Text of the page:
Background The suborder Anoplura contains 540 species of bloodsucking lice that parasitize over 840 species of eutherian mammals [1-3]. Blood-sucking lice are of medical and veterinary significance as parasites and vectors of disease agents [4-7]. According to Light et al. [8] and Smith et al. [9], the blood-sucking lice evolved from chewing lice ~92 million years ago (Mya) and diversified into two major clades ~75 Mya. One major clade includes the lice of bovids (family Linognathidae), rabbits, rodents and shrews (genera Hoplopleura and Pterophthirus of the family Hoplopleuridae; genera Haemodipsus, Linognathoides, Neohaematopinus and Sathrax of the family Polyplacidae), and sea lions and seals (family Echinophthiridae). The other major clade includes the lice of humans and gorillas (families Pediculidae and Pthiridae), monkeys (family Pedicinidae), pigs and horses (family Haematopinidae), and rodents (genus Ancistroplax of the family Hoplopleuridae; genera Fahrenholzia, Polyplax and Lemurpediculus of the family Polyplacidae). Like Kim [10], Light et al. [8] divided the blood-sucking lice into two major clades, although it differed from Kim [9] in the placement of the family Echinophthiridae, and in recognizing the families Hoplopleuridae and Polyplacidae as polyphyletic. The mitochondrial (mt) genomes of eight species of blood-sucking lice have been sequenced entirely or near entirely in previous studies: 1) the human body louse, Pediculus humanus [11]); 2) the human head louse, Pe. capitis, and the human pubic louse, Pthirus pubis [12]; 3) the domestic pig louse, Haematopinus suis, and the wild pig louse, Ha. apri [13]; 4) the horse louse, Ha. asini [14]; and 5) the lice of the greater bandicoot rat and the Asian house rat, Polyplax asiatica and Po. spinulosa [15]. All of these lice have fragmented mt genomes that depart radically from the typical single-chromosome mt genomes seen in bilateral animals [16,17]. The mt genes of these lice are on 9–20 minichromosomes; each minichromosome is 1.5–4 kb in size and has 1–8 genes. There is substantial variation in the extent of mt genome fragmentation and the distribution of mt genes over the minichromosomes among these lice [13]. Indeed, the fragmentation pattern varies even between species of the same genus [14,15]. It is evident that recombination between minichromosomes played a role in generating the high degree of variation in the extent and the pattern of mt genome fragmentation among the blood-sucking lice [12,14]. The three human lice (families Pediculidae and Pthiridae), the two pig lice and the horse louse (family Haematopinidae), and the two Polyplax rat lice (Polyplacidae), whose mt genomes have been sequenced, are from the same major clade of the Anoplura [8]. To understand mt genome fragmentation in the other major clade of the Anoplura, we sequenced the mt genomes of a mouse louse and a rat louse in the genus Hoplopleura (family Hoplopleuridae):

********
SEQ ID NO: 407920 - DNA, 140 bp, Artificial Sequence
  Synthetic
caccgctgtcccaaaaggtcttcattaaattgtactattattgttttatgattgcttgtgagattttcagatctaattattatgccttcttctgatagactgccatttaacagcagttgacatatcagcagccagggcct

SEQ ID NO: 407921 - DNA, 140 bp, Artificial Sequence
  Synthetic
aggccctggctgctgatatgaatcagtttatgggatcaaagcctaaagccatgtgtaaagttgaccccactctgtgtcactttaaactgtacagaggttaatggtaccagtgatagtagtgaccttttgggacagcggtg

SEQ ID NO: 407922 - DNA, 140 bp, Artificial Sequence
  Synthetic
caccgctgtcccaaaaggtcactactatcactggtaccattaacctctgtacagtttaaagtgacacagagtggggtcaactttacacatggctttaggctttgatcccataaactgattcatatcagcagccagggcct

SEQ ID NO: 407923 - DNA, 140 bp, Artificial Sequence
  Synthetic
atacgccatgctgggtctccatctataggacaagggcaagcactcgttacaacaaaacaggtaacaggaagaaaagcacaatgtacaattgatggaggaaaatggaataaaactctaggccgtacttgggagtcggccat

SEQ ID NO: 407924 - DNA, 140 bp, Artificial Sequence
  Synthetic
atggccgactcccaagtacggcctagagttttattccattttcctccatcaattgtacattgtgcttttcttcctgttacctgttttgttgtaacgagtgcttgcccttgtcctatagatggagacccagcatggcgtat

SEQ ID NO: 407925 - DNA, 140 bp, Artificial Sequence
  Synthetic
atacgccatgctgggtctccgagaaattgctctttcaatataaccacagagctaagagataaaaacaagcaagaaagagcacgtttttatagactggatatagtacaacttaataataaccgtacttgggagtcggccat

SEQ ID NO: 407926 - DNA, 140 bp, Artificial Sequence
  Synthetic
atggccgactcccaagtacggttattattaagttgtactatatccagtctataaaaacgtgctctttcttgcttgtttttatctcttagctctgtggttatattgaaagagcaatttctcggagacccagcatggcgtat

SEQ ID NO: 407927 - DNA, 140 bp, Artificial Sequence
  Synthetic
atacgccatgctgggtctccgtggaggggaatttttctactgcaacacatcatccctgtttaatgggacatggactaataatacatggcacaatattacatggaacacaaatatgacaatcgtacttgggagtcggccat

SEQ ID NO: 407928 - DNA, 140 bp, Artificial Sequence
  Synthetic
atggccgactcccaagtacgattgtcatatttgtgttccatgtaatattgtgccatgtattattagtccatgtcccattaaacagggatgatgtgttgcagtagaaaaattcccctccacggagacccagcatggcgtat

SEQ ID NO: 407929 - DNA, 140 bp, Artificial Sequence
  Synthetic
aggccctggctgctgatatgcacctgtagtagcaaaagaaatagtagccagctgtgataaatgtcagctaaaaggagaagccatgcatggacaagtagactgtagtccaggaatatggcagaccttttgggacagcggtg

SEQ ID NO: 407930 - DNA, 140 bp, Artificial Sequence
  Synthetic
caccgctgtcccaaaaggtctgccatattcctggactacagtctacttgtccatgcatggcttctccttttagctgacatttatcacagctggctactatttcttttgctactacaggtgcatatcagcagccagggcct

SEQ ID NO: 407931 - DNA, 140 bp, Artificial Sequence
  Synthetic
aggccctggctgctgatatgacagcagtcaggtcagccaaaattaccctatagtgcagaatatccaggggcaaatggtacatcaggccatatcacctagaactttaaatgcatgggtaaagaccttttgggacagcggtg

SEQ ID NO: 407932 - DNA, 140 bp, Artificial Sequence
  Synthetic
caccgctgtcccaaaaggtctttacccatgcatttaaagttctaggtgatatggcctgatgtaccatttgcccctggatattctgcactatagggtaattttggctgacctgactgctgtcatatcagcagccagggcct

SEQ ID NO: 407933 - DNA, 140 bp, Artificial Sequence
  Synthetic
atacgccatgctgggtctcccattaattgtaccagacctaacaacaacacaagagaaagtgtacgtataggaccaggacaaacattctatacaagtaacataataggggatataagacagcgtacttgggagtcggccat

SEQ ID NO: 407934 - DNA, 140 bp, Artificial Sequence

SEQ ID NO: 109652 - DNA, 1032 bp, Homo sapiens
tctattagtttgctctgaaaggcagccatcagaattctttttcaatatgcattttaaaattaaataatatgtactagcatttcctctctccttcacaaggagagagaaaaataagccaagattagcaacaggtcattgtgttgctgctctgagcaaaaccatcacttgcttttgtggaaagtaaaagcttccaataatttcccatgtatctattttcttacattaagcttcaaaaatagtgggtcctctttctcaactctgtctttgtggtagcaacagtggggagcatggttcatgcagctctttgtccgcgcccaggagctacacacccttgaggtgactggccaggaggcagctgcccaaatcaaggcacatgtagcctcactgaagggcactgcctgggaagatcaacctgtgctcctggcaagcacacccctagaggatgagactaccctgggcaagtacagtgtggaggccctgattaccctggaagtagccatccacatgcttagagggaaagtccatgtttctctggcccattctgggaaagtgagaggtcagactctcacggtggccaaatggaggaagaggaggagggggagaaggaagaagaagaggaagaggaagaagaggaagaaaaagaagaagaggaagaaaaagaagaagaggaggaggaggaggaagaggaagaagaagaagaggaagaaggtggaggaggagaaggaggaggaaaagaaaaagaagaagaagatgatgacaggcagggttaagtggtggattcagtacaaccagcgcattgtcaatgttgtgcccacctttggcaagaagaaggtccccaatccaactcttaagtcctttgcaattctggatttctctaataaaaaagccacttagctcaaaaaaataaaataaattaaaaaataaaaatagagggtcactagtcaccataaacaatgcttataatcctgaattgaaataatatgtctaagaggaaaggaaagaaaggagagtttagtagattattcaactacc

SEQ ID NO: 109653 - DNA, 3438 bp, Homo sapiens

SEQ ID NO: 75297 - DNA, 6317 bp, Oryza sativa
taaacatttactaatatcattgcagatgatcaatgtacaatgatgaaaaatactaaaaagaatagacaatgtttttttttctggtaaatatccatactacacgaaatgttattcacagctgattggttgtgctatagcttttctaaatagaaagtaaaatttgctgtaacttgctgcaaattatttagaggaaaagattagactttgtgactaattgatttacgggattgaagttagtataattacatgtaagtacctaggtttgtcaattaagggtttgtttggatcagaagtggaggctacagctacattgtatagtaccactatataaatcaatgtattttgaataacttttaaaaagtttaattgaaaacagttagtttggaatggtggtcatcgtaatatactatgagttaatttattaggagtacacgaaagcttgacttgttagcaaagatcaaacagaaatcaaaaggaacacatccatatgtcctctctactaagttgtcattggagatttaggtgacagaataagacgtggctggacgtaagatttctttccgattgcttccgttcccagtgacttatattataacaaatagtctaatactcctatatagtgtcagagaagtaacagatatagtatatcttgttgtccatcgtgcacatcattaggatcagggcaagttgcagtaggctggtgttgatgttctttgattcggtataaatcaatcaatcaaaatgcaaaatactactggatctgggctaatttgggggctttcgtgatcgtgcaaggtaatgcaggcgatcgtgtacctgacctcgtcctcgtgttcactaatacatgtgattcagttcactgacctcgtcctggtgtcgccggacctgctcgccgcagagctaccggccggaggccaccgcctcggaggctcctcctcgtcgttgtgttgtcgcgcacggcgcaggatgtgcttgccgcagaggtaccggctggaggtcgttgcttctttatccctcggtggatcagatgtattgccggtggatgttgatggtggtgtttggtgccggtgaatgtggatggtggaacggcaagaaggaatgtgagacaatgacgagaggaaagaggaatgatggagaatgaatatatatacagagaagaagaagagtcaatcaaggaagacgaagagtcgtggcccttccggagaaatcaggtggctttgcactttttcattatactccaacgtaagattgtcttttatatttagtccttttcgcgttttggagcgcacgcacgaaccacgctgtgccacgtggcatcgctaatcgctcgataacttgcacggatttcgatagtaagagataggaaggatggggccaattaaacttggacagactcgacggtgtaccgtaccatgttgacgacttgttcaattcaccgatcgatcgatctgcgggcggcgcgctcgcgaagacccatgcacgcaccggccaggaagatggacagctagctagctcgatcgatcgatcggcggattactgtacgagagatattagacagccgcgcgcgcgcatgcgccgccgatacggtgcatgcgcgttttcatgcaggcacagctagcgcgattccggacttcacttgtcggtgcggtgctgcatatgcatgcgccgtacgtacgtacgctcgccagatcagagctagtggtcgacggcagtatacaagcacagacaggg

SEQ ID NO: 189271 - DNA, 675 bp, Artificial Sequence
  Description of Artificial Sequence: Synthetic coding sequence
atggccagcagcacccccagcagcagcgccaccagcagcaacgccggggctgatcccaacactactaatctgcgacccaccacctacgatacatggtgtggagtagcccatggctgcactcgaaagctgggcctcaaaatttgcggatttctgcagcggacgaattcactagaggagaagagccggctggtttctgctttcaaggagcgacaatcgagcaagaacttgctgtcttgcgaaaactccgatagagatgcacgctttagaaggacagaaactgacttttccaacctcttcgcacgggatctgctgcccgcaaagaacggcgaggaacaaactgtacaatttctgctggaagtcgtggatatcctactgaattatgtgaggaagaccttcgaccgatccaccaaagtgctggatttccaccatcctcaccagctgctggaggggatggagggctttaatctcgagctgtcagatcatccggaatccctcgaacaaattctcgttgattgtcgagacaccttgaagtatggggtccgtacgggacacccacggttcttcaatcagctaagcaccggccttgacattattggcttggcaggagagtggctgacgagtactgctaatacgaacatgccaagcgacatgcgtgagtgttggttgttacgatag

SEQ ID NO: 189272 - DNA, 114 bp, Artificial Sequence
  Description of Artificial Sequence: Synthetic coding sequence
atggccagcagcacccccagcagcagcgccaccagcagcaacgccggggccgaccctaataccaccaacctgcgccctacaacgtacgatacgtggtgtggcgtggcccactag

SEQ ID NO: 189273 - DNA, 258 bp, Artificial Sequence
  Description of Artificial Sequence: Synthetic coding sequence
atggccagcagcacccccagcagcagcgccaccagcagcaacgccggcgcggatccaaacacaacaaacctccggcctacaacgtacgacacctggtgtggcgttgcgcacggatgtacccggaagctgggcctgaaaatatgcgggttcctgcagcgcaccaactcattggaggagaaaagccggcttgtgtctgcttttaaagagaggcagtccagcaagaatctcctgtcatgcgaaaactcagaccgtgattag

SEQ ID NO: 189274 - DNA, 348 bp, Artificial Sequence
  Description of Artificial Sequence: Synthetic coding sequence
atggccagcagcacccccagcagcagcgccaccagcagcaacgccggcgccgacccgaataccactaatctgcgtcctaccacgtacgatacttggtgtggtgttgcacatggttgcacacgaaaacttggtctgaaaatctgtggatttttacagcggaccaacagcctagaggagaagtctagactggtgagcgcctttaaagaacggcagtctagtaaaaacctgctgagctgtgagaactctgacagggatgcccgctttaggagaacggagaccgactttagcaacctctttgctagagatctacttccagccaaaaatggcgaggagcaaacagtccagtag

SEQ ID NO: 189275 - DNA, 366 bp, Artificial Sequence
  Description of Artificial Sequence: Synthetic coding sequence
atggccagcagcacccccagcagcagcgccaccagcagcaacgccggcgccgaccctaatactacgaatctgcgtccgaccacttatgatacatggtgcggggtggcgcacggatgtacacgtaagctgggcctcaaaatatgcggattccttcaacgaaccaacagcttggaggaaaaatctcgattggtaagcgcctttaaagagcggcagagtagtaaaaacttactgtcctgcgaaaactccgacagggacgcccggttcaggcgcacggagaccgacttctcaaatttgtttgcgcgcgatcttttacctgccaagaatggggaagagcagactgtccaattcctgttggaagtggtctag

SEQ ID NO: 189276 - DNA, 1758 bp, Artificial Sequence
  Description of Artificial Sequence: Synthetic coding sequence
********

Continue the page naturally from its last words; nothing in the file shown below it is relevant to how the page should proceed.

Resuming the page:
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Ho. akanezumi and Ho. kitti. Hoplopleuridae is the most species-rich family of the Anoplura with 162 described species, and Hoplopleura is the most species-rich genus in the family Hoplopleuridae with 141 described species found on rodents and pikas [2,3,8]. Hoplopleura species are in a major clade different from that of the human lice (families Pediculidae and Pthiridae), the pig lice and the horse louse (family Haematopinidae), and the Polyplax rat lice (Polyplacidae) [8]. Ho. akanezumi infests the Cheverier’s field mouse, Apodemus chevrieri, and five other Apodemus species of mice [3,18]. Ho. kitti infests the Bower’s white-toothed rat, Berylmys bowersi, and two other species of rats, Berylmys berdmorei and Leopoldamys edwardsi [3,18]. We found that both Ho. akanezumi and Ho. kitti have fragmented mt genomes. These two rodent lice, however, differ in the pattern of mt genome fragmentation. Like other genera of blood-sucking lice, the Hoplopleura species also have minichromosomes that are only found in this genus.

Methods Collection of rodents and lice

The Chevrier’s field mouse lice, Ho. akanezumi, were collected at Cangshan Mountain, Dali city, Yunnan, China (sample No. 249). The Bower’s white-toothed rat lice, Ho. kitti, were collected in Jinping county, Yunnan, China (sample No. 344). The rodents were caught with trap-cages set outdoors (farmlands, scrublands and woodlands). Alive rodents trapped were placed individually in pre-marked cotton bags and transferred to laboratory for species identification and parasitological check. Blood-sucking lice on the body surface of each rodent host were collected and preserved in 95% ethanol at –20°C prior to DNA extraction. Samples of Ho. akanezumi and Ho. kitti and their rodent hosts were deposited in the Institute of Pathogens and Vectors, Dali University. The capture of rodents was approved by health authorities in Yunnan province, China. Animal protocols and procedures were approved by the animal ethics committees at Guizhou University and Dali University (2004C0049M, 30460125). DNA extraction, mitochondrial genome amplification and sequencing